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Posted on 8/15/2013
A new report released by Public Advocate Bill de Blasio warns of devastating consequences if Interfaith Medical Center closes next month, eliminating vital psychiatric services. Interfaith is Brooklyn’s largest private provider of psychiatric care, with 67,000 patients receiving out-patient care and 1,750 in-patient hospitalizations each year. According to de Blasio’s report, “Tearing Brooklyn’s Safety Net,” losing those services would push remaining hospitals across Brooklyn to 107 percent capacity—a dangerous deficit that will leave tens of thousands of psychiatric patients without care.
> Click here to download the full report (.pdf)
De Blasio assailed the free-fall closure of Interfaith, and urged the city, state and hospital’s board to come to terms for an orderly restructuring that preserves vital services—including psychiatric care. To help Interfaith continue to provide those services and become more financially sustainable in the long-term, de Blasio is also calling on the federal government to waive a cap on the percentage of patients with mental illness a hospital like Interfaith is permitted to accept.
“These haphazard closures are stripping neighborhoods of clinics and emergency rooms. Here at Interfaith, we could lose the single biggest private provider of psychiatric care in all of Brooklyn. There’s no contingency here, and Brooklynites will pay the price if this shutdown goes forward,” said Public Advocate Bill de Blasio. “We will not let that happen.”
The report shows a stunning 60 percent of all patients discharged from Interfaith have a psychiatric condition as either the principal diagnosis or comorbidity, compared to 27 percent across Brooklyn.
De Blasio recommended the follow steps to aid in Interfaith’s restructuring:
- Waive the cap on the percentage of patients with mental illness Interfaith is permitted to admit. Right now, hospitals cannot receive Medicaid matching funds if more than 51% of their patient roster consists of people between the ages of 22 and 64 with severe mental illness. This common sense change would allow Interfaith to accept more psychiatric patients, shoring up their balance sheets and stabilizing the hospital.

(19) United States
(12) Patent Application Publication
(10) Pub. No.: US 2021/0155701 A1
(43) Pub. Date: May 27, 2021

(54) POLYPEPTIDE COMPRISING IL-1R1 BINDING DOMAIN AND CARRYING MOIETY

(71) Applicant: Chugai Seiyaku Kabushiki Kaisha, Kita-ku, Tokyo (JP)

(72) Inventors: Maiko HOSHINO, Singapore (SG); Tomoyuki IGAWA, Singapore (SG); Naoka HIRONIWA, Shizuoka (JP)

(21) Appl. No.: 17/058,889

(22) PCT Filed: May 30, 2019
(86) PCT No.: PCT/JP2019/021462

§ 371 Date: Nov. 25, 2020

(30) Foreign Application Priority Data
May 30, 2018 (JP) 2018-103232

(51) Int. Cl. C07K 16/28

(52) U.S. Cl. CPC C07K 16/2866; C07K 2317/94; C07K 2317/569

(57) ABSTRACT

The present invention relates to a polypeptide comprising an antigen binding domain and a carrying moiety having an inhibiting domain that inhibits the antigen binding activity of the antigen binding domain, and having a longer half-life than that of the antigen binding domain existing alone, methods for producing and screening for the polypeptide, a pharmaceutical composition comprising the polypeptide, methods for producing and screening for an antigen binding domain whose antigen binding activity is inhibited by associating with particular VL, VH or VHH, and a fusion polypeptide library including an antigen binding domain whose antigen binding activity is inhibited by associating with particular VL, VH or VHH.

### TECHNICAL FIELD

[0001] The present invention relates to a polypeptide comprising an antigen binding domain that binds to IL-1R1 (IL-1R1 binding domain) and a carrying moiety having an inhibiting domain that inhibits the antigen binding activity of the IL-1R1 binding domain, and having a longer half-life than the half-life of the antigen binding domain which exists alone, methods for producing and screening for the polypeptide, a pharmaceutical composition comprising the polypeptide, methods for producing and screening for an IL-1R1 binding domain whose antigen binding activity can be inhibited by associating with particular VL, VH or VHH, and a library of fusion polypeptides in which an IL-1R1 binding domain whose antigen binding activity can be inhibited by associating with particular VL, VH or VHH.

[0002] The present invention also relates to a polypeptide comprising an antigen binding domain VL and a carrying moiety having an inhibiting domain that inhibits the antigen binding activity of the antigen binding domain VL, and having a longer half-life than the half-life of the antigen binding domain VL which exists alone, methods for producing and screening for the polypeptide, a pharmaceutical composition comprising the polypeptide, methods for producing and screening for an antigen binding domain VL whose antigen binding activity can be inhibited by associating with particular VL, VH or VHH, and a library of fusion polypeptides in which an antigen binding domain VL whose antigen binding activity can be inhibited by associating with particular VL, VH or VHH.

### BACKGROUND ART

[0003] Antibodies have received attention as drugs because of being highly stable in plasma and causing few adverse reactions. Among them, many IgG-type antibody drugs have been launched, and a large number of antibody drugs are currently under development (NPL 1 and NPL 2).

- Better integrate the City’s Health and Hospitals Corporation into existing health networks, by accepting referrals from voluntary hospitals, and stepping in to provide services when voluntary hospitals are insufficient or unable to meet community care needs.
- Establish a Brooklyn Health Authority, empowered through control of Federal Medicaid Waiver finds to guide a master plan for the equitable reorganization and reform of Brooklyn hospitals and health care. The authority should encourage existing hospitals with excess beds to transform some of their beds into inpatient psychiatric beds in order to meet the growing demand for psychiatric care across Brooklyn.
“The patients who would be most affected by Interfaith’s closure are also the most vulnerable -- individuals who are struggling with the impact of severe mental illness,” said Dr. Flavio Casoy, Executive Vice President of the Committee of Interns and Residents/SEIU Healthcare and a Psychiatry Fellow. “Not only are these diseases catastrophic and deeply marginalized, but they also make it very hard for these patients to access medical care, putting them at higher risk for chronic diseases including diabetes, heart disease, and cancer. The plan by Public Advocate Bill de Blasio melds out-of-the-box thinking and common sense to employ every possible tool to stabilize the hospital and, with it, the patient population served by the hospitals of North and Central Brooklyn. We have a moral obligation not to let these patients down or let our mental health safety-net be stretched beyond repair.”
“We need an immediate moratorium on all hospital closures in our state,” said Jill Furillo, RN executive director of the New York State Nurses Association. “Padlocking the doors of Interfaith would have a devastating impact on Central Brooklyn patients, many of whom already struggle to get the care they need. There is a growing health care crisis in Brooklyn and throughout New York, and a shortage of psychiatric in-patient beds that would be compounded by the closure of Interfaith. The state must not decimate vital psychiatric services or dump mentally ill patients on the streets without access to care.”